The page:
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Poplars and willows a good source of feed

MEDIA RELEASE

Friday, 15 March 2013

Poplars and willows a good source of feed

Horizons Regional Council is encouraging hill country farmers to make use of mature poplar and willow trees to feed stock as a lack of rain dries out pastures.

Horizons environmental manager for land Grant Cooper says “poplar and willow trees are fast becoming the only green in a very brown landscape and in some cases they can provide a much-needed sustainable food source”.

“We encourage those farmers who have had trees in the ground for over four years to think about the leaves as a source of supplementary feed.

“Willow and poplar leaves have a high nutritional value and even contain some condensed tannins not found in grass that kill intestinal worms and stimulate ovulation in ewes.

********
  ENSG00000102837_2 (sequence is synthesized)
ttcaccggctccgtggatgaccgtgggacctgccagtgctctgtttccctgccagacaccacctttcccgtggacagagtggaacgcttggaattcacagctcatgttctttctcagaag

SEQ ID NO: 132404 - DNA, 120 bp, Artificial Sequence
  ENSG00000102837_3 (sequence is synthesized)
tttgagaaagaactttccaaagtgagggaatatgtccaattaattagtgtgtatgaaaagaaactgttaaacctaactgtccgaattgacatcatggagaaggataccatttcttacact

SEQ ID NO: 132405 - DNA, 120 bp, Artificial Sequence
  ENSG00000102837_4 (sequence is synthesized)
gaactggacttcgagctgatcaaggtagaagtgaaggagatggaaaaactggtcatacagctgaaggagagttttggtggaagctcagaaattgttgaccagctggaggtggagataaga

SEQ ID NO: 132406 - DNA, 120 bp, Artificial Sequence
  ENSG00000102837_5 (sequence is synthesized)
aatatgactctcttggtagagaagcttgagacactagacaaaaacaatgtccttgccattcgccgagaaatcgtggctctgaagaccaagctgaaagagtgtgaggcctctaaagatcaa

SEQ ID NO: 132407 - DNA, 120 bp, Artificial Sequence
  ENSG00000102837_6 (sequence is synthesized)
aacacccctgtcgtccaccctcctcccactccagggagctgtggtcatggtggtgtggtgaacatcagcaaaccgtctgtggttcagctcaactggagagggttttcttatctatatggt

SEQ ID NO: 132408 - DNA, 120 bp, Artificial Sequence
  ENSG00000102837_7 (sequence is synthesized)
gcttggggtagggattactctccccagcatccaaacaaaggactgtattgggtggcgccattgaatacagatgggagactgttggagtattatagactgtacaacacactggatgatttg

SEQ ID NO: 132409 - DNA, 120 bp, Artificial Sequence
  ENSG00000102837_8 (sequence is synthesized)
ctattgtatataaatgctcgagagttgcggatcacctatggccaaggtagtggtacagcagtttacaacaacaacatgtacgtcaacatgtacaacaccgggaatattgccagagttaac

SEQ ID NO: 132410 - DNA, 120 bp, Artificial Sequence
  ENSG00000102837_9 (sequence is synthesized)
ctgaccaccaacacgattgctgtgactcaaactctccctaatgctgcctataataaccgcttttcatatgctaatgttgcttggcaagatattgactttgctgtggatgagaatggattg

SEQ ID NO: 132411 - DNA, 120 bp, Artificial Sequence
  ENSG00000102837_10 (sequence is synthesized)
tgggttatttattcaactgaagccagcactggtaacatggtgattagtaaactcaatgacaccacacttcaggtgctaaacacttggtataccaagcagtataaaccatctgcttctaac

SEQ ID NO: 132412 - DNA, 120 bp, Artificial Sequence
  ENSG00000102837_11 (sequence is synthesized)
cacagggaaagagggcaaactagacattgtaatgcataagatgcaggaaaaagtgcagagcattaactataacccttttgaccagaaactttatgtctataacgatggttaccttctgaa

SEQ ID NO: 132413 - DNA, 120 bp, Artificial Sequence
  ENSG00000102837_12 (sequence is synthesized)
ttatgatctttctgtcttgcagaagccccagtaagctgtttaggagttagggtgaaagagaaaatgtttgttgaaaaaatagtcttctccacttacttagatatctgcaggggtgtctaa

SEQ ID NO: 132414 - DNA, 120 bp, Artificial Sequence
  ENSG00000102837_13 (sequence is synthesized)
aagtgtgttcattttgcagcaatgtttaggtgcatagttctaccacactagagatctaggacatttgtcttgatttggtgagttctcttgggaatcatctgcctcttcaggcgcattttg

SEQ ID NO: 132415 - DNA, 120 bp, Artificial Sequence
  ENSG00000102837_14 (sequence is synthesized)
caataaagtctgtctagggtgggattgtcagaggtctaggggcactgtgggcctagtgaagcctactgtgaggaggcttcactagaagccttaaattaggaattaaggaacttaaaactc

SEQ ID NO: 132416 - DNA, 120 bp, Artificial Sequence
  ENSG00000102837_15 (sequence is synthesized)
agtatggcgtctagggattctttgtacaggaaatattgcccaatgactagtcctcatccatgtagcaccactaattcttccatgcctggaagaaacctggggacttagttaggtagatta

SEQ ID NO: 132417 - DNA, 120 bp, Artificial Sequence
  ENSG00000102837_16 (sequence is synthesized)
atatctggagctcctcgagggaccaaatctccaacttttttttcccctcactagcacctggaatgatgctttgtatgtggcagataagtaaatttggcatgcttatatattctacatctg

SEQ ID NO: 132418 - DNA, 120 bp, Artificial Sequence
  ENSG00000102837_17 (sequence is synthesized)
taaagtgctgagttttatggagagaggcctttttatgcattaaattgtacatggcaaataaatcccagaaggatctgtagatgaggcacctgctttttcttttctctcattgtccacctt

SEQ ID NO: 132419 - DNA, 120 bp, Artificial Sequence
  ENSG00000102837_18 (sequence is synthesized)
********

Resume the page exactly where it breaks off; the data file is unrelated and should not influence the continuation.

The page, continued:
“A trial conducted by Massey University at Riverside Farm near Masterton showed a 15-30 per cent improved lambing percentage in ewes supplementary fed on willows during times of drought,” he says.

Feilding sheep farmer Mark Carter has been feeding his flock poplars for a week now.

“The sheep are a bit stand-offish to start with but once they get a taste of the leaves they get right into it. Now they’re standing at the gate waiting for me each day,” he says.

Horizons has long promoted the planting of willows and poplars as a way to stabilise highly erodible hill country through its environmental grant programme and Sustainable Land Use Initiative (SLUI).

Mr Cooper says while the practicality of using these plantings for feed depends largely on their location and accessibility, those that are accessible can be cropped back to head height to prevent cattle reaching new shoots and will regrow.

“Some farmers have set-up their plantings specifically for this purpose and now is the time to make use of the feed before autumn sets in and the leaves fall away.

“However, safety is paramount. Willows often split when being sawn and you shouldn’t be sawing above your head. This is a job for experienced chainsaw operators with the right gear,” he says.

Anyone seeking more information on pruning or advice on the most palatable varieties is encouraged to contact a Horizons Regional Council environmental management officer on toll free number 0508 800 800.

Ends

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